HomePage | Optical Illusions | War Stories | QBasic | Dads Navy Days | Bristol | Bristol, USA | Bristol, Canada | Terre Haute | Miscellany | Web Stuff | About Ray | Site Map | Site Search | Messages | Credits | Links | Web Rings

Bristol | Place Names | Legends, Pre-history and the Romans | Birth of the City | 1100 Onwards | Voyages | 1450 Onwards | 1650 Onwards | 1700 Onwards | Riots | The Blitz (Page 1), (Page 2) | The Castle (Page 1), (Page 2), (Page 3), (Page 4), (Page 5), (Page 6) | Blaise Castle (Page 1), (Page 2) | Castle Green (Page 1), (Page 2) | Union Street | Broadmead | The Old City (Page 1), (Page 2), (Page 3), (Page 4) | Christmas Steps (Page 1), (Page 2) | St. Mary Redcliffe (Page 1), (Page 2), (Page 3) | College Green (Page 1), (Page 2) | King Street (Page 1), (Page 2) | Clifton (Page 1), (Page 2) | Avon Gorge (Page 1), (Page 2), (Page 3) | Hotwells (Page 1), (Page 2) | City Docks (Page 1), (Page 2), (Page 3) | Bedminster (Page 1), (Page 2), (Page 3), (Page 4), (Page 5), (Page 6), (Page 7) | Old Market (Page 1), (Page 2) | St. George (Page 1), (Page 2) | Temple (Page 1), (Page 2), (Page 3) | Arno's Vale Cemetery (Page 1), (Page 2) | Brislington | @ Bristol | Oldest House | I. K. Brunel (Page 1), (Page 2) | Ma Pugsley | Yeamans | Boundaries (Page 1), (Page 2) | Photography | Exhibition (Page 1), (Page 2) | Lead Working | Historical Perspective | Virtute et Industrial | Other Sites | Bibliography (Page 1), (Page 2) | Help Wanted (Page 1), (Page 2), (Page 3)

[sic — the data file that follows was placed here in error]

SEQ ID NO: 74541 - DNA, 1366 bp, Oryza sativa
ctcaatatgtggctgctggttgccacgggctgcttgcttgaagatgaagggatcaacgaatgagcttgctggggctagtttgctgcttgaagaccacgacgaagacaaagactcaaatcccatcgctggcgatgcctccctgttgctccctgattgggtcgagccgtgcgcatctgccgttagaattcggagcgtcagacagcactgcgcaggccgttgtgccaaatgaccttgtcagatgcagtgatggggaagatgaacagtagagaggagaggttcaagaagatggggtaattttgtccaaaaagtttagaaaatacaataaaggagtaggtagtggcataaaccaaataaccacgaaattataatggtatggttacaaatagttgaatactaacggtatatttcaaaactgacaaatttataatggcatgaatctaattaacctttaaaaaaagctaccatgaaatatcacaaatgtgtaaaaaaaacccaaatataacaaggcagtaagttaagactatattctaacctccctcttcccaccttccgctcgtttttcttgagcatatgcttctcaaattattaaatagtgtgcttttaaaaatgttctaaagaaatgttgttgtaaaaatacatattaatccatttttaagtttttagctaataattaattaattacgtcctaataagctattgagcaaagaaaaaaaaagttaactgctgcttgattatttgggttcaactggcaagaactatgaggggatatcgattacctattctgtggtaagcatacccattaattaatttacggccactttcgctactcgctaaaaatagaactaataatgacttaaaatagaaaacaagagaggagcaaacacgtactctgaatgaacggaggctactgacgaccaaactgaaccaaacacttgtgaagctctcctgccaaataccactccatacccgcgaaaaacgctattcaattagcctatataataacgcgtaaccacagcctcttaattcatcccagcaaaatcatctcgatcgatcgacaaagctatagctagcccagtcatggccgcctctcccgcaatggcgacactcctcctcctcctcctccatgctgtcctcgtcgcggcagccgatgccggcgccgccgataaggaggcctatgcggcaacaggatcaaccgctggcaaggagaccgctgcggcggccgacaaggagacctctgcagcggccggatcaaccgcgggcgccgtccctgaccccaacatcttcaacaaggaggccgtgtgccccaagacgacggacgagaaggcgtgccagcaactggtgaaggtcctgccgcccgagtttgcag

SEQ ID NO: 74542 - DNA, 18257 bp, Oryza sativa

Bristol - Bedminster 1

The northern edge of Bedminster is defined by the New Cut. It was dug between 1804 and 1809, when the Floating Harbour was built in the first decade of the 19th Century. Its purpose is to carry the river Avon around the harbour and it runs from Totterdown to Hotwells.

The New Cut

The New Cut - looking towards Hotwells and Cumberland Basin

The large brick building is the old Bond Warehouse where goods that were especially taxed by the Government such as spirits or tobacco were kept. There are several around the docks, most have gained a new lease of live as "posh" flats or artists studios. This one is used is still used as a warehouse.

A note to my trans-atlantic friends :-

"posh" means the same as "well heeled" and comes from the days of the grand cruises. It's an acronym meaning Port Out, Starboard Home, which referred to what was considered the best side of the ship to have a cabin when leaving and entering Southampton harbour.

A flat is the same as an apartment

Sorry if I'm teaching you to suck eggs but, like the word "fortnight" which means 'two weeks', whenever I use them I nearly always have to explain what they mean.